Introduction


Early Cretaceous


Mid-Cretaceous



Late Cretaceous



Palaeontological
Evidence



Sedimentological
Evidence



Isotope Evidence



Summary



Glossary



Further Reading



Climate Change Home Page



KT Event Links



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Bristol Palaeontology
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Late Cretaceous


General

The Late Cretaceous world consisted of many isolated land masses. This was due to:
  • the effect of a dramatic rise in sea level which flooded continental areas and produced major inland seas.
  • extensive continental rifting.
During the Cenomanian Stage (~100 Ma ago) sea levels rose dramatically to 200 m higher than present levels. This is known as the Cenomanian marine transgression. Inland seas flooded up through midwestern parts of the U.S. nearly reaching the Canadian border, and much of central and western Europe was under water. In Europe the marine transgression produced a shift from continental sediments of the Wealden to the chalk.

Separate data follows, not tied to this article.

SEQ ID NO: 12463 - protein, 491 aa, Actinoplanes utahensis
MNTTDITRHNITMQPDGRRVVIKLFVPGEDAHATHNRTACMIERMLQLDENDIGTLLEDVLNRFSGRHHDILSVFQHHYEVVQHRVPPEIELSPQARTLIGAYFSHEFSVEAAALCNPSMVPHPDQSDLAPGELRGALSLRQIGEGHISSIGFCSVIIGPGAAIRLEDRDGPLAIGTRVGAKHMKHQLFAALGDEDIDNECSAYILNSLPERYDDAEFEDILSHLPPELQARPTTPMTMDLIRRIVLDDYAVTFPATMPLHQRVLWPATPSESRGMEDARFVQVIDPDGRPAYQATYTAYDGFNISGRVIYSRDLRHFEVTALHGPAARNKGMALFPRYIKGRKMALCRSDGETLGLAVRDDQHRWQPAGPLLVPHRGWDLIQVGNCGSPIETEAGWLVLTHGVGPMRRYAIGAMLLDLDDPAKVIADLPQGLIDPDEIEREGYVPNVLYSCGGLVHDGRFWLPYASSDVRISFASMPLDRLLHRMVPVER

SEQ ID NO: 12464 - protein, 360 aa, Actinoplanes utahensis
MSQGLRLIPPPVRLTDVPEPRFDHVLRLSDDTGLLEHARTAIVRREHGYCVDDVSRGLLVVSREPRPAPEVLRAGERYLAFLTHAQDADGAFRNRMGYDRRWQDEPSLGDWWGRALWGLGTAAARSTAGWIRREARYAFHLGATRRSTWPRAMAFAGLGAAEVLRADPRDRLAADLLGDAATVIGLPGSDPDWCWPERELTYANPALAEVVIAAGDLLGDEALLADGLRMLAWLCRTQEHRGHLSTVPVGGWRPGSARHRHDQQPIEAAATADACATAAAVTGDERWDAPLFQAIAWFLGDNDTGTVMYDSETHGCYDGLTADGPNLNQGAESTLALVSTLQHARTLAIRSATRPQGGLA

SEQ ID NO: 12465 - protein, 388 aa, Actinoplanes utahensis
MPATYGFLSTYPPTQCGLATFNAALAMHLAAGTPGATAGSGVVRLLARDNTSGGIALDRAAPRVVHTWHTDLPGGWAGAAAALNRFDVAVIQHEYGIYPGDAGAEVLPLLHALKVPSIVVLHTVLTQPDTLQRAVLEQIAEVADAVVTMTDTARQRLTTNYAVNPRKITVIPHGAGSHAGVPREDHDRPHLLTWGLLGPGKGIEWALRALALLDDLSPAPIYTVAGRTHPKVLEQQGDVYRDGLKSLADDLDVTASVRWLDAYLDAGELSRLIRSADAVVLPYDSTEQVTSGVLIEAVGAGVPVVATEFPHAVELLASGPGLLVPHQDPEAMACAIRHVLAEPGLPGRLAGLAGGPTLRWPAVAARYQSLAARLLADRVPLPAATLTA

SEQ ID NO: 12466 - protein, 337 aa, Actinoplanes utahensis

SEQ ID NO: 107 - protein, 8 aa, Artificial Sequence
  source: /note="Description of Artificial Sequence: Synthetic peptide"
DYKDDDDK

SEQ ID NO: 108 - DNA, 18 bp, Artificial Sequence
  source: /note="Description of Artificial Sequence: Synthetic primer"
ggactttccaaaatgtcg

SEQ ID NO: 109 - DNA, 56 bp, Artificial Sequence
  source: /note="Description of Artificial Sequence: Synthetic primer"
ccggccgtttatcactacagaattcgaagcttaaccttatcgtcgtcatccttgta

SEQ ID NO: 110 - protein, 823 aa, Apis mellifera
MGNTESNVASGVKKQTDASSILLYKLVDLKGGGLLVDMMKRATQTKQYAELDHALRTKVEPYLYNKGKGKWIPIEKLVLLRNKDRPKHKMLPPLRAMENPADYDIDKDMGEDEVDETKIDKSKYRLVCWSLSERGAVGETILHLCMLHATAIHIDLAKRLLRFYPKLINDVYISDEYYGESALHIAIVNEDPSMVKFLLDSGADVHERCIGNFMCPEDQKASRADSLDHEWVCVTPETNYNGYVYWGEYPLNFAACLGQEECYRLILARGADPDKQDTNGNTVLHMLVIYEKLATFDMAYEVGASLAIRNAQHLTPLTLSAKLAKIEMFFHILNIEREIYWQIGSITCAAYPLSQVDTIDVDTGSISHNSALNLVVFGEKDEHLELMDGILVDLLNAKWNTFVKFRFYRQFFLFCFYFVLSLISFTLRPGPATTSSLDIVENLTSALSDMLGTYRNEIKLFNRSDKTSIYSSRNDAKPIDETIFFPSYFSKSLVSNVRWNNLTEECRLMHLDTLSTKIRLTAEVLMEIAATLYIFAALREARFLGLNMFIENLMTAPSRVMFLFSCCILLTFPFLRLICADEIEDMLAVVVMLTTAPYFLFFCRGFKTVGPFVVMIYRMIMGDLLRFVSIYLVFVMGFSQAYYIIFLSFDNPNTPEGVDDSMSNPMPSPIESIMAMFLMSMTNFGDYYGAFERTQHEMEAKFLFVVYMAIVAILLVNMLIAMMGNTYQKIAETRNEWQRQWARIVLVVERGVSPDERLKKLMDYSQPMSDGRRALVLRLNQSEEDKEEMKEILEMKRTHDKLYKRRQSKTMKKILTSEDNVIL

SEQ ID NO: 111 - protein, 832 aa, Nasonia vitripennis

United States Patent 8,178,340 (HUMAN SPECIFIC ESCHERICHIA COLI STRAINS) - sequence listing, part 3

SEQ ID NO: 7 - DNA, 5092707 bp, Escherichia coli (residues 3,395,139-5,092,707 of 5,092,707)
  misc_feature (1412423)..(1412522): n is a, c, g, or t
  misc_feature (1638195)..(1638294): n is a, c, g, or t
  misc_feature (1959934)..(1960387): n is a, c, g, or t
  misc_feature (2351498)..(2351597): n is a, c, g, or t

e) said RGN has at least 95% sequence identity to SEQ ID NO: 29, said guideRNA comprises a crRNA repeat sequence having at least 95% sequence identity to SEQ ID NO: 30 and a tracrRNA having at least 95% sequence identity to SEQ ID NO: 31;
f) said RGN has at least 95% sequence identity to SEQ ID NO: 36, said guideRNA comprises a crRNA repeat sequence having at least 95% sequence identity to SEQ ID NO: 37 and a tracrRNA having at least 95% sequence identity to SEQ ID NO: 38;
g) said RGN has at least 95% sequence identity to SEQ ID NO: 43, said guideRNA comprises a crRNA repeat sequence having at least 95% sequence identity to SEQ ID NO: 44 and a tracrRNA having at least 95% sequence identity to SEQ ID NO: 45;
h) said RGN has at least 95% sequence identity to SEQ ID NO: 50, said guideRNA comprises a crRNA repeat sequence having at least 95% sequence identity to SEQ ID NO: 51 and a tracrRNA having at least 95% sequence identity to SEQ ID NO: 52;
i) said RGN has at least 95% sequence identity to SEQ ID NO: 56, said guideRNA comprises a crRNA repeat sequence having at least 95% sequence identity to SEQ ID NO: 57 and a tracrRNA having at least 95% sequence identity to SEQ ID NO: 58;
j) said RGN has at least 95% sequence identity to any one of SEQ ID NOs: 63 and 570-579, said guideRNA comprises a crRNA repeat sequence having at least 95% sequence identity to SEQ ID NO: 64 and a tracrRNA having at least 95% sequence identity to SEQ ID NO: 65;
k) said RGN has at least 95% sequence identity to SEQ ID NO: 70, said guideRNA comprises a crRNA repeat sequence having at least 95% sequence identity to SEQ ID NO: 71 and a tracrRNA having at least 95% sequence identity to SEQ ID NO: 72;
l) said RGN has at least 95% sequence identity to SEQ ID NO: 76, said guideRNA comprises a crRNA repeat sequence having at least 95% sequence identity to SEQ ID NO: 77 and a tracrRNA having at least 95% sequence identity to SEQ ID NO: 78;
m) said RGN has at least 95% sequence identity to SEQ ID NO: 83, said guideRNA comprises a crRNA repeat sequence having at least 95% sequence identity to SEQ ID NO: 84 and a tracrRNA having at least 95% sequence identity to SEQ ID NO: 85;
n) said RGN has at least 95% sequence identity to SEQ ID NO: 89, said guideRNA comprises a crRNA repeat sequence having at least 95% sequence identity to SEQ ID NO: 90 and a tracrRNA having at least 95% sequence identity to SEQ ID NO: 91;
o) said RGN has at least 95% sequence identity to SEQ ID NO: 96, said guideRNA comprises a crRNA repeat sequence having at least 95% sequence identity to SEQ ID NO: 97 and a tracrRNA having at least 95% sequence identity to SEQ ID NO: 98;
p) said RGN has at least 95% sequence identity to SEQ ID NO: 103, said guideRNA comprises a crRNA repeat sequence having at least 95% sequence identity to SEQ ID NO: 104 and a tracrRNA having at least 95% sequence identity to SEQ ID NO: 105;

Towards the end of the Late Cretaceous there was a rapid fall of global sea level to a low point. This reduced the area of shallow marine environments.


Climate The global climate was warm and moist but cooler than that in Jurassic (210 to 140 Ma ago) times. In Britain it was possibly rather arid.

The arrangement of the continents and oceans encouraged warm waters at the equator to circulate towards the poles. This resulted in climate to be less variable from the equator to the polar regions; an equable global climate.

Read on to discover more about the climate in the Late Cretaceous, how it changed and the evidence for this.

 
 

| Intro | Early Cretaceous | Mid-Cretaceous | Late Cretaceous |

| Palaeontological Evidence | Sedimentological Evidence | Isotope Evidence |

| Summary | Glossary | Further Reading | Climate Change Home Page | KT Event Links | Back to Bristol Palaeontology Homepage |